Share this with your friends!

APGAR Scores: What it stands for and how it measures your newborn’s response to the outside world

Apgar stands for Activity, Pulse, Grimace, Appearance, and Respiration. It is a test performed by health professionals after the baby’s birth. The Apgar score is a numeral representation that measures the baby’s response to the outside world – i.e., outside the womb. Doctors perform the test in the delivery room to know the baby’s coping abilities, predict the survival rates, and analyze healthcare needs. Read on! 

The Importance of Apgar scores

The Apgar score is a standardized assessment tool that describes the newborn’s condition. Doctors perform the test to record fetal to neonatal transition. Keep in mind that the scores do not predict any adverse neurologic outcome or mortality. 

Although most babies are healthy after birth, some undergo problems and require extra support to live. Research shows that some babies do not survive after birth due to complications. 

The transition from the uterus to the outside world is not easy for babies because they have relied on their mothers’ bodies for nine months. The Apgar score enables the doctor to figure out whether a newborn requires medical care. For instance, it is most often performed to check whether a baby needs help breathing or has cardiovascular problems. 

What Does the Test Involve?

A doctor, nurse, or midwife performs the Apgar test. The test requires the health provider to examine different body parts and mechanisms, such as breathing, heart rate, muscle, tone, skin color, and reflexes. Each category is assigned a score of 0, 1, or 2, depending on the observation of the condition. 

Respiratory Effort 

A health professional will start the test by analyzing the breathing effort of the baby. If the newborn is not breathing, the doctor will assign zero to the respiratory effort. Likewise, a baby with irregular or slow respirations scores 1 for breathing effort. The breathing score is 2 if the baby cries well.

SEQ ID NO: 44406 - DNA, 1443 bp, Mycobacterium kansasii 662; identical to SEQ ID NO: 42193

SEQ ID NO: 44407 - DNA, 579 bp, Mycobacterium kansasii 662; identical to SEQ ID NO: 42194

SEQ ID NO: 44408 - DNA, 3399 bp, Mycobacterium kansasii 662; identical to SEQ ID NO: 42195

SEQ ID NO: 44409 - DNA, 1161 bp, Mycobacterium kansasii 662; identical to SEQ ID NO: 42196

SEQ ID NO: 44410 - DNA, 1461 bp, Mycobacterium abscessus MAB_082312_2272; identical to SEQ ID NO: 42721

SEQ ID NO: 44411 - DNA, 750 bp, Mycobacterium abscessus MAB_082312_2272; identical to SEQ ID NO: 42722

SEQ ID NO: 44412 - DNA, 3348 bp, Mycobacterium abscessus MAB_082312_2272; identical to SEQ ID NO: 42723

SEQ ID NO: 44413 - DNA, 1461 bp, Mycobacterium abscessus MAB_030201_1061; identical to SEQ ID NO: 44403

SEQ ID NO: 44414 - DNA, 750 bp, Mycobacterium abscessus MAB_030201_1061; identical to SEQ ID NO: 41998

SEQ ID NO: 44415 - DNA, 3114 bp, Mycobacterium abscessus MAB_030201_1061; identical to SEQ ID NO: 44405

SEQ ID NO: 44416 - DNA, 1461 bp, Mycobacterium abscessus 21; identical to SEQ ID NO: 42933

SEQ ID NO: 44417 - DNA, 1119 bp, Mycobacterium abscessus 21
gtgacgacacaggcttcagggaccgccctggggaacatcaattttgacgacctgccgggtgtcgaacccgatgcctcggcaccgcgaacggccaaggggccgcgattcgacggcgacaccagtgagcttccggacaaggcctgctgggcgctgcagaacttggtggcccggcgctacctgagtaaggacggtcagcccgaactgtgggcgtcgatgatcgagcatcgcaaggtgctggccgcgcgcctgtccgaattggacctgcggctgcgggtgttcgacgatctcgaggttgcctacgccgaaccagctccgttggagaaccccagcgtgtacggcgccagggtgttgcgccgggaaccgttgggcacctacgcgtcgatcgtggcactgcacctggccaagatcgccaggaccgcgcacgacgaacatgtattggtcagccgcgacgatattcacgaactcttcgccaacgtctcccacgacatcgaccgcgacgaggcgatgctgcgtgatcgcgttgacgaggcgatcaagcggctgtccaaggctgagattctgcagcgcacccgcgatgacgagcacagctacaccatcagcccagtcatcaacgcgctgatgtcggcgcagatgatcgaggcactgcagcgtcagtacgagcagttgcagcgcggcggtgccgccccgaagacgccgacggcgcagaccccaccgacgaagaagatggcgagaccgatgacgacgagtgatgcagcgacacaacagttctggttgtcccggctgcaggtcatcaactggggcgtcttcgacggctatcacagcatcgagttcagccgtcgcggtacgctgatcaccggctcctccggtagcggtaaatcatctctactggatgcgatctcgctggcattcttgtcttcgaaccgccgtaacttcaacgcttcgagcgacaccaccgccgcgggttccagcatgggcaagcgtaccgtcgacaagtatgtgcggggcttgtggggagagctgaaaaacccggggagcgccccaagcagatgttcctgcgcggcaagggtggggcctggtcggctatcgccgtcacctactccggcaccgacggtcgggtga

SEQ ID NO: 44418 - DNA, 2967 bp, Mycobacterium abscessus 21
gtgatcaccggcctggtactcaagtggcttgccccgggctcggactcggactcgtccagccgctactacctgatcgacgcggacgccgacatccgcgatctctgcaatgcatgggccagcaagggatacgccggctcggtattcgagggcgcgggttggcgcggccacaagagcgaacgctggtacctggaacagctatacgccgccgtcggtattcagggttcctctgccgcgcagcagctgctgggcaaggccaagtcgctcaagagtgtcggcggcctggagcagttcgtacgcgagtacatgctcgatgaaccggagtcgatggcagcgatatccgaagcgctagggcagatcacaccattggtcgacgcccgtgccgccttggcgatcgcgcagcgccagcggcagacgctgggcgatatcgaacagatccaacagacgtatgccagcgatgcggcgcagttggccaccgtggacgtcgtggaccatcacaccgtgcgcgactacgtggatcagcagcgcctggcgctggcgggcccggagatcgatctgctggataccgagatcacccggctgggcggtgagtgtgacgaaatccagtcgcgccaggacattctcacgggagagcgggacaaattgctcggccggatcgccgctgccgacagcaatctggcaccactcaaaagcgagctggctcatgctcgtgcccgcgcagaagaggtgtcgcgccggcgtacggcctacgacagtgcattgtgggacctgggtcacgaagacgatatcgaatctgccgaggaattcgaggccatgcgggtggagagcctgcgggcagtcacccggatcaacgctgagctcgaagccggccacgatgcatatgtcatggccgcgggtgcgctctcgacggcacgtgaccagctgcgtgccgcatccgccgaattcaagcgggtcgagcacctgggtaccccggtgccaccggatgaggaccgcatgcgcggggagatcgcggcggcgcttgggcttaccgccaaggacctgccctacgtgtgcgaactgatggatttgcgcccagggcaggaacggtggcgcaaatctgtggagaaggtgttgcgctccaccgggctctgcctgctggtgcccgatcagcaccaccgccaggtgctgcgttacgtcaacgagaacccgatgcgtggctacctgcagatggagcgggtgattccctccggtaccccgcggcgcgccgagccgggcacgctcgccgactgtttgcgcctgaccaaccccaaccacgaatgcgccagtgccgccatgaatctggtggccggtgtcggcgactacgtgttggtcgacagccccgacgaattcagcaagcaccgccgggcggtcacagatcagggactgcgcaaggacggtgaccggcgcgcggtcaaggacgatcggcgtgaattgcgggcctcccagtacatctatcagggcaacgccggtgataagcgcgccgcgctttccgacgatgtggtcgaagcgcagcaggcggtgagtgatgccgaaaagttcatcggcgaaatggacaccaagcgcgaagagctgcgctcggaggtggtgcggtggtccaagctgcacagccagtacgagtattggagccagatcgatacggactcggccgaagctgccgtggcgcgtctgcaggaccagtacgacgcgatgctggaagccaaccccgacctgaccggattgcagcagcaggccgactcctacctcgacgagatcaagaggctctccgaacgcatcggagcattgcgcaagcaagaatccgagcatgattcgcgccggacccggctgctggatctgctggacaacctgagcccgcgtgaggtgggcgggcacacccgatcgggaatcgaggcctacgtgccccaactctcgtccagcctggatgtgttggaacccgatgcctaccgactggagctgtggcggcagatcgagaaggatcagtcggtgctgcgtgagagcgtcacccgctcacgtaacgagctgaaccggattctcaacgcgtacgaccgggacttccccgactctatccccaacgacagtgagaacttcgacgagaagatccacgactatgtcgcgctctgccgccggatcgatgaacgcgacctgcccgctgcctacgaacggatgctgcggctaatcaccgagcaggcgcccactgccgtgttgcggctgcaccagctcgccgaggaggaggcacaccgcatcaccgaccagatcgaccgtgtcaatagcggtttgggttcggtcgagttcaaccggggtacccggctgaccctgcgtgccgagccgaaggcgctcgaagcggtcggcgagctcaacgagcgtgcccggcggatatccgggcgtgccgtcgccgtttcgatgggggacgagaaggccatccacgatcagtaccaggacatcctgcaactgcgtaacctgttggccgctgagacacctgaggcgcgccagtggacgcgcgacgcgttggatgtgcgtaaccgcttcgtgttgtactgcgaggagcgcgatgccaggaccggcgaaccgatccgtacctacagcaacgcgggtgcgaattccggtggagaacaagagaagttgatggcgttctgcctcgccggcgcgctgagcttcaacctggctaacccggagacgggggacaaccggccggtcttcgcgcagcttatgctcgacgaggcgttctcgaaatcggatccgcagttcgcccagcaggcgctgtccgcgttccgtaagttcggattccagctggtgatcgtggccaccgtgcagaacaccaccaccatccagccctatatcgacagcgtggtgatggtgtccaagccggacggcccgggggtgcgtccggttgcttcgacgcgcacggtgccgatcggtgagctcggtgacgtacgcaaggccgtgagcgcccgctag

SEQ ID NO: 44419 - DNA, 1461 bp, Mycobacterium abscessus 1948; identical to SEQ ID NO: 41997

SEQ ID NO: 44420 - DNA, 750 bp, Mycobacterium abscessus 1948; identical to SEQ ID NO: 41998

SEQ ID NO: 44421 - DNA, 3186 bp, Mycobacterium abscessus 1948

Heart Rate 

A doctor uses a stethoscope to evaluate the baby’s heart rate. The newborn scores 0 if there is no heartbeat, and if it is less than 100 beats per minute, the score assigned is 1. The infant scores 2 if there are 100 beats per minute. 

Skin Color 

A doctor, nurse, or midwife will then examine the baby’s skin color. If the color appears to be pale blue, the score assigned is 0 for the color. The newborn scores 1 for color if his or her body is pink with blue extremities. Likewise, the doctor will give a numeral value or a score of 2 for color if the baby’s entire body is pink. 

Muscle Tone 

The Apgar test involves examining the baby’s muscle tone. If the baby’s muscles are floppy or lose, he or she will score 0 for muscle tone. Similarly, the score is 1 if there is some muscle tone and 2 if there is active motion. 

Grimace Response 

Grimace response, also known as reflex irritability, refers to the baby’s ability to respond to stimulation. For example, the baby responding to a mild pinch will determine the score. If the baby fails to respond, the score is 0, and if he or she is grimacing, the reflex irritability score is 1. Moreover, if the response is a sneeze, cough, or cry, the score assigned is 2. 

How are the Scores Interpreted? 

The Apgar test result will determine the baby’s health, wellbeing, medical conditions, or treatment requirements. The score is based on a scale of 1 to 10. A baby who scores higher is healthy after birth. 

Research shows that a score of 7 and above is usually considered normal and healthy, which means the baby is in good condition. Health professionals say that a baby who scores 10 is rare because all infants have blue hands and feet. Although this is normal after birth, the baby will lose on point on the Apgar scores. 

If the baby scores below 7, it means he or she is suffering from a medical condition or has birth complications. Remember, a higher Apgar score is directly proportional to the baby’s health and wellbeing. Likewise, the lower score indicates the baby needs immediate medical attention. 

Studies highlight that difficult birth, fluid in the respiratory tract, and C-section are common causes of lower scores. A baby with a lower Apgar score usually needs more oxygen for breathing and physical stimulation for adequate heartbeats.

Final Words 

According to the Centers for Disease Control and Prevention (CDC), every five minutes, a baby is born with congenital disabilities in the U.S. It affects one in every 33 infants in the country. Recent reports show that there are over 120,000 babies born in the U.S with birth defects. 

Besides other tests, the Apgar test is performed by doctors or nurses to determine the child’s health and wellbeing. It is also done to figure out whether the baby has any complications or congenital disabilities. 

Swaddles n' Bottles is a participant in the Amazon Services LLC Associates Program, an affiliate advertising program designed to provide a means for sites to earn advertising fees by advertising and linking to This program does not effect the price a customer pays for products. To read more on affiliate links, please view our privacy and disclosure page.